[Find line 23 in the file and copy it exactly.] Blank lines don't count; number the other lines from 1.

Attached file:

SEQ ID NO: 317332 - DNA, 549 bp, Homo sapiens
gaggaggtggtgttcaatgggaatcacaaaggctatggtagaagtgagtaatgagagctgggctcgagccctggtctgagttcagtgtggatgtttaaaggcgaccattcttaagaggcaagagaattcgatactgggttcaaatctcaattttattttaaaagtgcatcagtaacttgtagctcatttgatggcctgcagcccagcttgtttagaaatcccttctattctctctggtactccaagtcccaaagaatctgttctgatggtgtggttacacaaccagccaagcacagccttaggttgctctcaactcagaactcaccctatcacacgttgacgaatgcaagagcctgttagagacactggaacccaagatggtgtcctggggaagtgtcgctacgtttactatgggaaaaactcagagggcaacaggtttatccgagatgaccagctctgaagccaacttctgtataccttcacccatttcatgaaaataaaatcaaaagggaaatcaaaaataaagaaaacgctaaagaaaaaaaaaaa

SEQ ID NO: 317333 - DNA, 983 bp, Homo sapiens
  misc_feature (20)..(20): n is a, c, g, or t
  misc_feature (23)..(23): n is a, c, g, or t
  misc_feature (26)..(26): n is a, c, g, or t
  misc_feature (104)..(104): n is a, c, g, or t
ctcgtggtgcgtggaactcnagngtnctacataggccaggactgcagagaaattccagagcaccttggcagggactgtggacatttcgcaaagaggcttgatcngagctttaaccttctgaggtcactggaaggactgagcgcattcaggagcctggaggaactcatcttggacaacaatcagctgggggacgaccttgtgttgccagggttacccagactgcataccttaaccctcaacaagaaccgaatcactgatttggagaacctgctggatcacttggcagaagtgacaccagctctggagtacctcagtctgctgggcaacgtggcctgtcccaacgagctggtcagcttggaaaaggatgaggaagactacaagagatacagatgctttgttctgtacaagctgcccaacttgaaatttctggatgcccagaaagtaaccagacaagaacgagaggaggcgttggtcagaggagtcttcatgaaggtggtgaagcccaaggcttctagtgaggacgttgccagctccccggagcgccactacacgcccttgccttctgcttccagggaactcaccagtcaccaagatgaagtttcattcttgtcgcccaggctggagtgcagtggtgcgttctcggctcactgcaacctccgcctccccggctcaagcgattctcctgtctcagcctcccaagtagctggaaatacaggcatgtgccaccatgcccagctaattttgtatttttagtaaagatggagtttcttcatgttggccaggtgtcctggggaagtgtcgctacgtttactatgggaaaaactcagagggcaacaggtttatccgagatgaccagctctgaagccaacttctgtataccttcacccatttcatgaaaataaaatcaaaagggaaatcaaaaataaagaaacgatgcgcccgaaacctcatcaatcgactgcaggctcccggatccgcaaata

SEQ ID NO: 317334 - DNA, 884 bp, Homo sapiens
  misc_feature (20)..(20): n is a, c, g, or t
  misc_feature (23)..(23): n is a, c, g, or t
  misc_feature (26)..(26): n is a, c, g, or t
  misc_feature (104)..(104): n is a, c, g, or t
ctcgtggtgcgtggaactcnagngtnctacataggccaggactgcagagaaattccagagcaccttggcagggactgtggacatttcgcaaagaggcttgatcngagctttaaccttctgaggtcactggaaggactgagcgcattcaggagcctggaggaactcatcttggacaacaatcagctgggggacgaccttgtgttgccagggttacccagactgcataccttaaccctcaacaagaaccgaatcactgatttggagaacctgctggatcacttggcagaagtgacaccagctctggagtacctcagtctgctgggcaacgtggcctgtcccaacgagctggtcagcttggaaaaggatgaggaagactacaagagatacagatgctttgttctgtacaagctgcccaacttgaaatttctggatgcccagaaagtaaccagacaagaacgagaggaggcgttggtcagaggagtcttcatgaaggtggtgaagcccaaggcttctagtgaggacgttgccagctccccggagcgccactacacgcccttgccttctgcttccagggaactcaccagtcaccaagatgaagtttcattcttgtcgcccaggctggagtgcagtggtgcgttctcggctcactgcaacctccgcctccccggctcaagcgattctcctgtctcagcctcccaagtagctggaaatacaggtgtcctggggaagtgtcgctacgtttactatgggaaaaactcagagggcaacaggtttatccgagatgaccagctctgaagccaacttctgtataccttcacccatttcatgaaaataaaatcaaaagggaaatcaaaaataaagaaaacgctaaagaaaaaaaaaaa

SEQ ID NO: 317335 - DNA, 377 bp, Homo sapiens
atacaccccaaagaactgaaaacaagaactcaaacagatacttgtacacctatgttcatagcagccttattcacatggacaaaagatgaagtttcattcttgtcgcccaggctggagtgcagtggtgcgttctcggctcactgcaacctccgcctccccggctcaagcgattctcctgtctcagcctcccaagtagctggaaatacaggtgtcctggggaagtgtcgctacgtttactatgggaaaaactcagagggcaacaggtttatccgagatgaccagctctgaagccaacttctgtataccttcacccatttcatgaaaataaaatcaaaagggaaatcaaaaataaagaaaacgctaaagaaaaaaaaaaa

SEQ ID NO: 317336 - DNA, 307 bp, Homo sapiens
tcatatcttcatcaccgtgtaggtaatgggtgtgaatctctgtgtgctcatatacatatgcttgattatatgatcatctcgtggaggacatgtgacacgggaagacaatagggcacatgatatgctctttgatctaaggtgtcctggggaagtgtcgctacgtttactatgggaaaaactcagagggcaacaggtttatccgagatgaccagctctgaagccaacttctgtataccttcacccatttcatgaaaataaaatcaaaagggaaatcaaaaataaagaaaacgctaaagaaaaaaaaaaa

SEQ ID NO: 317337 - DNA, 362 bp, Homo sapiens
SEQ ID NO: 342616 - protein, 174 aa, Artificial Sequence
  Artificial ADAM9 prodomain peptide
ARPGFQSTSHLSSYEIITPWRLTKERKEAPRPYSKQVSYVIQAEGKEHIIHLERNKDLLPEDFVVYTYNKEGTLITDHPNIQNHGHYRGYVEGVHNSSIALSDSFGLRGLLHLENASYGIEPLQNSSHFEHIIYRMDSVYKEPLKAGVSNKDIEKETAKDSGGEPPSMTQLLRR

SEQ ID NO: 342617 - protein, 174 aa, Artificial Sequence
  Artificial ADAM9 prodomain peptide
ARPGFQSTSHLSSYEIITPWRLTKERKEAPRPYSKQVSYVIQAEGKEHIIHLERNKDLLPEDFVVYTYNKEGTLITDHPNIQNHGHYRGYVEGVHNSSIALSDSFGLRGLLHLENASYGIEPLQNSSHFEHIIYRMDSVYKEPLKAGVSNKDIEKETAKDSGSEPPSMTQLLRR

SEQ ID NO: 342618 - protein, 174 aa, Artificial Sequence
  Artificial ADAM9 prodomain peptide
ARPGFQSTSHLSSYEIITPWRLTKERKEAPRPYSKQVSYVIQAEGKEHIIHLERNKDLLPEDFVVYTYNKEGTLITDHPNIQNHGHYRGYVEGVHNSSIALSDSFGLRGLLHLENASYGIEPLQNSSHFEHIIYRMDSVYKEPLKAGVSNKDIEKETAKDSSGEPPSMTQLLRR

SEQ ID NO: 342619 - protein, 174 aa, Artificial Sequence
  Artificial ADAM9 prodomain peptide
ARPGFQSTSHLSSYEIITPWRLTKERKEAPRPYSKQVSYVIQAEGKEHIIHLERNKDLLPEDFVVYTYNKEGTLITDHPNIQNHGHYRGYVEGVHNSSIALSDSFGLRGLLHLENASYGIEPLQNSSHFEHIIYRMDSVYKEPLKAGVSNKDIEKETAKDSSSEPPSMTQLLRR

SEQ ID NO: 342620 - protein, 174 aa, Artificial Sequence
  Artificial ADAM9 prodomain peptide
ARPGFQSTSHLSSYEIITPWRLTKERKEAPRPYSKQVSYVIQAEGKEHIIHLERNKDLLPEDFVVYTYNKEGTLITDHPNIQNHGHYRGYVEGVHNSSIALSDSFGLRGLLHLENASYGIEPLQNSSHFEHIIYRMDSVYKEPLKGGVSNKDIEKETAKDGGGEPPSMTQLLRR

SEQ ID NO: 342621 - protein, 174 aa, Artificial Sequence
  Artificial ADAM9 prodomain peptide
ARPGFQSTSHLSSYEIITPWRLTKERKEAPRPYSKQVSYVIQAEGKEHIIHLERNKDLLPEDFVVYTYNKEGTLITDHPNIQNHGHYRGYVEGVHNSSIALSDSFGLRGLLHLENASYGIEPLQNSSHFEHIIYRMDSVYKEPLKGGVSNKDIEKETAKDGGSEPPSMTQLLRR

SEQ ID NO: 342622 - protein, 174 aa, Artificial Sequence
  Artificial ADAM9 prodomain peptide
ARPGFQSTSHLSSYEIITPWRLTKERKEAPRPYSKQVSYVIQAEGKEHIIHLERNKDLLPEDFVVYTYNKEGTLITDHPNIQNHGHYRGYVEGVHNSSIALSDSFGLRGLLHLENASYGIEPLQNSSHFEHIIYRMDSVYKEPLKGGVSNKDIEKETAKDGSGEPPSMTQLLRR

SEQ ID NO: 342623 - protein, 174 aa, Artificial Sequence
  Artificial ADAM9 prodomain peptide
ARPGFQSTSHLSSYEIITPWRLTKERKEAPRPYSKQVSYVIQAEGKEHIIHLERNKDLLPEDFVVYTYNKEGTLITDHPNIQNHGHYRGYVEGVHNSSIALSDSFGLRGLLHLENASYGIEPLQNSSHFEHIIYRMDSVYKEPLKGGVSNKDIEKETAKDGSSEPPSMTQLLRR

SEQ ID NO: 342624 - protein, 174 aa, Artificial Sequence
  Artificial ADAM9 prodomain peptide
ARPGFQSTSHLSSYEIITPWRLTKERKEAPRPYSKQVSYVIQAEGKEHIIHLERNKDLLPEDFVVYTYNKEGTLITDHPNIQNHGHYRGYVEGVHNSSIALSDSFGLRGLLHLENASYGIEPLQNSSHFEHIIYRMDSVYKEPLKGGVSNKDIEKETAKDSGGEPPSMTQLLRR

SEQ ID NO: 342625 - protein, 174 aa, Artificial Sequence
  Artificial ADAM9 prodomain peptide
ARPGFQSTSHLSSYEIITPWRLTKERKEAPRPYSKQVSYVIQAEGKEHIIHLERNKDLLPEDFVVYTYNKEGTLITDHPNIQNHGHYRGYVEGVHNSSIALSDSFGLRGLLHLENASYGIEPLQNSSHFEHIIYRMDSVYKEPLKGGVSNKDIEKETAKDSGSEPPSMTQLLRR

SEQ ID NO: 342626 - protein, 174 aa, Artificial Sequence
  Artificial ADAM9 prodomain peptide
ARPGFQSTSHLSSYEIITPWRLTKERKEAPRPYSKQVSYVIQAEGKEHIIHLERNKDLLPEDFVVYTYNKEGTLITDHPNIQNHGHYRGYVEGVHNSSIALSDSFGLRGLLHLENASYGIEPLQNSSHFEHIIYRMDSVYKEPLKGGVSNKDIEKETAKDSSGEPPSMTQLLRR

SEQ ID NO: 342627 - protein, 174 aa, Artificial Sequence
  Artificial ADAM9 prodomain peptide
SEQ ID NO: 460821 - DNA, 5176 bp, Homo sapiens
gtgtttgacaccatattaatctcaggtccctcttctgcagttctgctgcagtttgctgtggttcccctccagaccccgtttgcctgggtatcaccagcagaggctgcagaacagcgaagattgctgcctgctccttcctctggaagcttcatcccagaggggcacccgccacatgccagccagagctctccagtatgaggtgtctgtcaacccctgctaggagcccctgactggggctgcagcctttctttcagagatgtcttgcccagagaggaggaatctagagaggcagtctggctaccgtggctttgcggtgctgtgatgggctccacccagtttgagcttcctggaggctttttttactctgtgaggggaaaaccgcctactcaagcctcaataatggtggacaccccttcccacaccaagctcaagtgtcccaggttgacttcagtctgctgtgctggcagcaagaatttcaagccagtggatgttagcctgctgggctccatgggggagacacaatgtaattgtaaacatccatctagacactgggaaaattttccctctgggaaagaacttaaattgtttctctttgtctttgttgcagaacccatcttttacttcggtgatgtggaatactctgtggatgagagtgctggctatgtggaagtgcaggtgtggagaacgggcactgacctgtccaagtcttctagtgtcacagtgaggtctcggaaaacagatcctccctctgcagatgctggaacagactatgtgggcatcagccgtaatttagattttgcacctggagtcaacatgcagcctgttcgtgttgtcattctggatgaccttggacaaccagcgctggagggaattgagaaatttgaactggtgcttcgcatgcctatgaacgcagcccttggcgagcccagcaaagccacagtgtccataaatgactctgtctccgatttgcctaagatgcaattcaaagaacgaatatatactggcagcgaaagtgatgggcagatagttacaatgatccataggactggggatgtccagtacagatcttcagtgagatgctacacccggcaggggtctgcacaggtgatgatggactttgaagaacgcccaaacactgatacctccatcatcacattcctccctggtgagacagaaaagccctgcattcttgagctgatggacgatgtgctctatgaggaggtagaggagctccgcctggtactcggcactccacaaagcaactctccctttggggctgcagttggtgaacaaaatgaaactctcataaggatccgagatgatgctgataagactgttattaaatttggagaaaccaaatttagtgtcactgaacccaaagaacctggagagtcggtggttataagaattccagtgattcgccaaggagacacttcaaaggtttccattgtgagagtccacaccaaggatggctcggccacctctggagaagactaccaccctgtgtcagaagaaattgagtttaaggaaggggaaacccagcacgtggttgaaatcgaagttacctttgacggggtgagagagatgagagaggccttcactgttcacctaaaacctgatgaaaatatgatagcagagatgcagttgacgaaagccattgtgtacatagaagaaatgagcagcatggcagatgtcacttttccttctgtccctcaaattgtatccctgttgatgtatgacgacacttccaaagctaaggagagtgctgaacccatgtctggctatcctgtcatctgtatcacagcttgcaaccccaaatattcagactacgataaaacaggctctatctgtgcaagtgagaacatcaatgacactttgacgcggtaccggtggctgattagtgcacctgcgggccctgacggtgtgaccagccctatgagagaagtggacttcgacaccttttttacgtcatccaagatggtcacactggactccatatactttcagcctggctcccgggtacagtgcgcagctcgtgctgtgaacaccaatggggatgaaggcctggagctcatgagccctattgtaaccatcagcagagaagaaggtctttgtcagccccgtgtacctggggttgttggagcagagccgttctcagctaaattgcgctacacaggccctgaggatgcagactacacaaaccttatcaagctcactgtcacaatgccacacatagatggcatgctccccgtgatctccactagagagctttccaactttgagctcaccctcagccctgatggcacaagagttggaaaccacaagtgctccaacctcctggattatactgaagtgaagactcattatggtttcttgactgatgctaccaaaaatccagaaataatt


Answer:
SEQ ID NO: 342617 - protein, 174 aa, Artificial Sequence